What was that giant scaly eye? It belonged to this delicate animal: It was, as so many of you nearly instantaneously guessed, an owl butterfly in the genus Caligo. Points are awarded as follows: 10 points go to Bill Rockenbeck, for being the first to the correct genus. I’ll also award 2 consolation points each [...]
Posts Tagged ‘Lepidoptera’
During the day our showy goldenrod (Solidago speciosa) is visited by the usual sun-loving suspects: bumble bees, sweat bees, hover flies, butterflies, and so on. I was curious about what happens after dark, though, so I just popped out to have a look. It’s nearly as active at night, too, but with a different set [...]
A dark green-yellow mottled background helps along this photograph of a swallowtail caterpillar’s defensive osmeterium: Subtle & tasteful. Scaled up for a larger insect, though, and the fact that I’m using a watermelon for backdrop becomes perhaps a bit too obvious: A large papaya might have been better.
Evo-devo biologist extraordinaire Antónia Monteiro is visiting campus this week, and she shared with us this photograph of a simply unbelievable Malaysian moth: Do you see the mural? Mimicry is common in insects. Some adopt the cryptic appearance of sticks or leaves, some ape the stripes of stinging wasps, and some sport the colors of [...]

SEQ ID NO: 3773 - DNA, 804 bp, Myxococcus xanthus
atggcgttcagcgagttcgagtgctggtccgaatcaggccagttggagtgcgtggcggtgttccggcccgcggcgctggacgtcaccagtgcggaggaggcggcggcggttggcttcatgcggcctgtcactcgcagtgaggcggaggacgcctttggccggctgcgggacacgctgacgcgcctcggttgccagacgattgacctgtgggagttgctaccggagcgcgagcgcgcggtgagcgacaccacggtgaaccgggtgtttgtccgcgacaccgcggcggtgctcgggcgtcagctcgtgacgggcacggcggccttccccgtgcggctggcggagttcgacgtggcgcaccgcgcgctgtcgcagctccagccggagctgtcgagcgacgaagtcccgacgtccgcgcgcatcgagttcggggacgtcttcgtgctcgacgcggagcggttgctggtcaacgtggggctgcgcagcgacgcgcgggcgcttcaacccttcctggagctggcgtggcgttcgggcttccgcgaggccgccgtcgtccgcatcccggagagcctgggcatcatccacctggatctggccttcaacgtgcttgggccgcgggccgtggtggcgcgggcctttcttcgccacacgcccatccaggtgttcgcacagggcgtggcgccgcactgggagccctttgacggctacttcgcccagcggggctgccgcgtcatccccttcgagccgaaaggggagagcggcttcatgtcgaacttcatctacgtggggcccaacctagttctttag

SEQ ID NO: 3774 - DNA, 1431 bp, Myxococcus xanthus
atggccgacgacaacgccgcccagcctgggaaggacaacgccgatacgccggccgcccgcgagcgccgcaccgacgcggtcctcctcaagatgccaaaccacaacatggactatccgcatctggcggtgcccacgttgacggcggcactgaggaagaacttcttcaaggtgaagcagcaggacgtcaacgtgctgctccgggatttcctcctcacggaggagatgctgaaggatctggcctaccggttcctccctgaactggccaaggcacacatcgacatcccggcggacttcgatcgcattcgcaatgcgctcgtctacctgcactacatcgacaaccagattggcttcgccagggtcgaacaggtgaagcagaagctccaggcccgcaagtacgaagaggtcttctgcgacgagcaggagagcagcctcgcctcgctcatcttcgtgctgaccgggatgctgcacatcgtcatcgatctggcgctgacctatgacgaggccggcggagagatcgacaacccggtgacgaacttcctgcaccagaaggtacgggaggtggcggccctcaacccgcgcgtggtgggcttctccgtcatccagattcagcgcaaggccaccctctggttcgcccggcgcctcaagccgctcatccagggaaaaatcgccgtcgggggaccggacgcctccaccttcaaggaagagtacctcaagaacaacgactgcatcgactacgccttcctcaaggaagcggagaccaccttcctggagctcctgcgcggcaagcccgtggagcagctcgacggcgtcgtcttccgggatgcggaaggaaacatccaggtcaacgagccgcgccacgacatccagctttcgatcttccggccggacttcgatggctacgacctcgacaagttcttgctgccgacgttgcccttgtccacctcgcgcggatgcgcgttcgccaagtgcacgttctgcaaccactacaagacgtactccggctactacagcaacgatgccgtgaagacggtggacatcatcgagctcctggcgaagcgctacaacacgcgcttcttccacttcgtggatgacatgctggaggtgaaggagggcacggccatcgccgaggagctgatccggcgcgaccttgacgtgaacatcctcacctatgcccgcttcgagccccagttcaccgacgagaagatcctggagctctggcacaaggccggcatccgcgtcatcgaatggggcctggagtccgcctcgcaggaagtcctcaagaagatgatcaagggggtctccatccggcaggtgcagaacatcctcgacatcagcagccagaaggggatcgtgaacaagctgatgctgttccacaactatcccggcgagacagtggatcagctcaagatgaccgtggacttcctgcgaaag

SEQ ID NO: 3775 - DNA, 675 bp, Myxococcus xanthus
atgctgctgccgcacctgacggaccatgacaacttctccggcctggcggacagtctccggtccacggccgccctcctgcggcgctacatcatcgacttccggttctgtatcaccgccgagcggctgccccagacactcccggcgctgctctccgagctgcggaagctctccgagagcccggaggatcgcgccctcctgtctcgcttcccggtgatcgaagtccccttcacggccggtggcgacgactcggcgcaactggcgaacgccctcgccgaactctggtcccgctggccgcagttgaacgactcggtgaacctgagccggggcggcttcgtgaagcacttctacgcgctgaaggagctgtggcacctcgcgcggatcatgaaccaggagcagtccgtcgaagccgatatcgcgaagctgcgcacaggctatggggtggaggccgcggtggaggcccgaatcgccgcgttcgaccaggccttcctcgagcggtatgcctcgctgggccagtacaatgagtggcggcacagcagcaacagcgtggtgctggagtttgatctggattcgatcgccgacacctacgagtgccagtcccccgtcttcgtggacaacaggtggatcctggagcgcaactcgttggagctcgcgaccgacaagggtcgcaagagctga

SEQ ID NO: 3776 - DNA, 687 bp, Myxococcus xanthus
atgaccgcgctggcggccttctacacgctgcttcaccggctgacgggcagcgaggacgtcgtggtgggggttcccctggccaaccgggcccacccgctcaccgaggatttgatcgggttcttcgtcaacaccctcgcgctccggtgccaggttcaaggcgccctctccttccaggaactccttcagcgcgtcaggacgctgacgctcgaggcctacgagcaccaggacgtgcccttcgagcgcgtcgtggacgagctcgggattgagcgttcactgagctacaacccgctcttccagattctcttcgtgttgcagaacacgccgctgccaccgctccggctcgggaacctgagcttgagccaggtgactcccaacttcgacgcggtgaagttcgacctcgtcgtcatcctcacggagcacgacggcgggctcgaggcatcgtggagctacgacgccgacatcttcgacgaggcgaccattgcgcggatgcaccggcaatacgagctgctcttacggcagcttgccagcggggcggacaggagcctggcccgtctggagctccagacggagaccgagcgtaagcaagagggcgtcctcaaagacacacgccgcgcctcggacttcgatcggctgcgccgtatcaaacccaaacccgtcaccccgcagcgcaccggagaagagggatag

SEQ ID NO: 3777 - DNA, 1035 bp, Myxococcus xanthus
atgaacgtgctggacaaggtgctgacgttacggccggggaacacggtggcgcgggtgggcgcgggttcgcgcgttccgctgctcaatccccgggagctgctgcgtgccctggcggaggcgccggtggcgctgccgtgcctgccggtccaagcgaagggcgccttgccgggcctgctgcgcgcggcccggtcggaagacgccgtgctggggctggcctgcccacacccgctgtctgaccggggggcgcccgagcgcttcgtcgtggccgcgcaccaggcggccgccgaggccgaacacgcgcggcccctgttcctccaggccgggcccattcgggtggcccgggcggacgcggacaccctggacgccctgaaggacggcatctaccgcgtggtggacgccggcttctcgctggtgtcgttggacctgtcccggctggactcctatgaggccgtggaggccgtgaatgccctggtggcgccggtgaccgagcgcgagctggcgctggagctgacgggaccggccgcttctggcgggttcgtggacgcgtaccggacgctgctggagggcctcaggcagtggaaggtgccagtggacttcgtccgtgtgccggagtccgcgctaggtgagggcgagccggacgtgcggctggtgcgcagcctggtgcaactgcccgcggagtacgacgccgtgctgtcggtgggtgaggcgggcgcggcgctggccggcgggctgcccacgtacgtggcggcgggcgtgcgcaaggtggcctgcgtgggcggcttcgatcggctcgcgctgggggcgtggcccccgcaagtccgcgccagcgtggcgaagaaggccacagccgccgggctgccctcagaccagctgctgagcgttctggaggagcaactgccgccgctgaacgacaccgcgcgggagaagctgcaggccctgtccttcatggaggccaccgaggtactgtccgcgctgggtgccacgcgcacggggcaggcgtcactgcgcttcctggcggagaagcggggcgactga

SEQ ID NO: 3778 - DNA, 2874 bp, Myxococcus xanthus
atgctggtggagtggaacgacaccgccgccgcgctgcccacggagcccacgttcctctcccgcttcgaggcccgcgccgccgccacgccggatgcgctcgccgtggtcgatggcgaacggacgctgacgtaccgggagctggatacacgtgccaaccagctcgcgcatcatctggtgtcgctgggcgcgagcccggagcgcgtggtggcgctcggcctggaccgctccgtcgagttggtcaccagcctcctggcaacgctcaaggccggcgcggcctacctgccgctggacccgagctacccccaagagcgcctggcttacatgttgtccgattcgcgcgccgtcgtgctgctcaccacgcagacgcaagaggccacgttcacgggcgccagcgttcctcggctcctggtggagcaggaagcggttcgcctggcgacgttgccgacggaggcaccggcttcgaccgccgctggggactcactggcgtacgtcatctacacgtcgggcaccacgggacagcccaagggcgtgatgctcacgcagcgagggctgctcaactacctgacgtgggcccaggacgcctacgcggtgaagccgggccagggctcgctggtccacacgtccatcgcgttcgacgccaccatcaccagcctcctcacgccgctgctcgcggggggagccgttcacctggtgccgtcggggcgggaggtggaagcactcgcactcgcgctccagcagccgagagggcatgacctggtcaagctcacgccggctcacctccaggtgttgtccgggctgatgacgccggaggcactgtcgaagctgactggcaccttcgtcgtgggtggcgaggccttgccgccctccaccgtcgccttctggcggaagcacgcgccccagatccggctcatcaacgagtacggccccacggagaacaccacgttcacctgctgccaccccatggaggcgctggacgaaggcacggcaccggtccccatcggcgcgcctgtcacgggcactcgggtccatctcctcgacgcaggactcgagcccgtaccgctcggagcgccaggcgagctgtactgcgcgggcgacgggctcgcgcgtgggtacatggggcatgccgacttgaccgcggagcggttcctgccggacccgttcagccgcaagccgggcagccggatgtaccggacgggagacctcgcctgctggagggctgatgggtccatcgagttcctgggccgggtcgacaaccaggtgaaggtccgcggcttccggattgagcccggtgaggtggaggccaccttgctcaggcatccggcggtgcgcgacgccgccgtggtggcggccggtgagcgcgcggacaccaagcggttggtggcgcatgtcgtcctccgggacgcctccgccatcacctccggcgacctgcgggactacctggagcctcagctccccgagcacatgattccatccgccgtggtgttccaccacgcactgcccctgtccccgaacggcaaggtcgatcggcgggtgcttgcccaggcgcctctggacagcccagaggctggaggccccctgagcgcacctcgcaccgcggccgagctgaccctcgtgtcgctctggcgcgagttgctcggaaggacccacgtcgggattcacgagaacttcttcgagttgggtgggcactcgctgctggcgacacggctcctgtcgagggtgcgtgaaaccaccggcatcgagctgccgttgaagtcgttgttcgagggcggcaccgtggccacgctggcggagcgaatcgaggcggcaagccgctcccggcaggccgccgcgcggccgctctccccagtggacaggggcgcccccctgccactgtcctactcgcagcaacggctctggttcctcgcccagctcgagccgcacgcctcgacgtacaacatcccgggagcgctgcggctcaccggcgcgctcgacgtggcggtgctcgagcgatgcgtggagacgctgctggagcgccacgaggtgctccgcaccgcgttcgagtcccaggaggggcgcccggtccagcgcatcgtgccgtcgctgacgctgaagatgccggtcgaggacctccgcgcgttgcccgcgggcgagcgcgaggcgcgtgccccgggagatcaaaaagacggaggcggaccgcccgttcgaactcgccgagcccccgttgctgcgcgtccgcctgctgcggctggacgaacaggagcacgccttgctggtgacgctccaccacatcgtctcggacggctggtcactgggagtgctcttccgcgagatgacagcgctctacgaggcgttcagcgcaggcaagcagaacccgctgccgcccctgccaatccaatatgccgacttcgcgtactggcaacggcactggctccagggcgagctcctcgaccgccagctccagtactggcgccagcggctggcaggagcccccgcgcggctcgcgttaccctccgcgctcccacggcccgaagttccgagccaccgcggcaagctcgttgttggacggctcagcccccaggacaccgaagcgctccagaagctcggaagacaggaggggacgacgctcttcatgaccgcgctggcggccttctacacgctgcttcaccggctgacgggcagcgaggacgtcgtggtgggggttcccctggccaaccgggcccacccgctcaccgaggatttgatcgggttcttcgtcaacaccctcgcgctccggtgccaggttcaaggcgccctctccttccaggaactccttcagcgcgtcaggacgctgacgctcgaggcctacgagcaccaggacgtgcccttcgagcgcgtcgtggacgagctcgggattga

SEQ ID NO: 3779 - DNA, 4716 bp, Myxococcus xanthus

What was that Tiger-Skin Rug? It was a close-up of the abdomen of North America’s largest moth, Hyalophora cecropia. I happened across a mating pair while taking out the garbage the other night, of all things, and spent the next couple hours arranging the above photograph. Ten points to MrILoveTheAnts for a game well played. With two [...]
What was that dashing, color-coordinated tropical moth? This mystery was difficult on two counts. First, it’s a tropical moth from a poorly documented fauna. Second, the family-level taxonomy of this group was just revised and the once-proud Arctiidae, the tiger moths, is now a mere subfamily (Arctiinae) in a larger Erebidae. What was the genus? [...]
Midway through my recent Ecuador trip an ant photographer’s nightmare came to pass. My trusty MP-E 1-5x macro, the lens responsible for 95% of my images since 2003, died. The electronics failed with the iris stuck full open, rendering it incapable of providing any depth of field. It became a doorstop, essentially, and there was [...]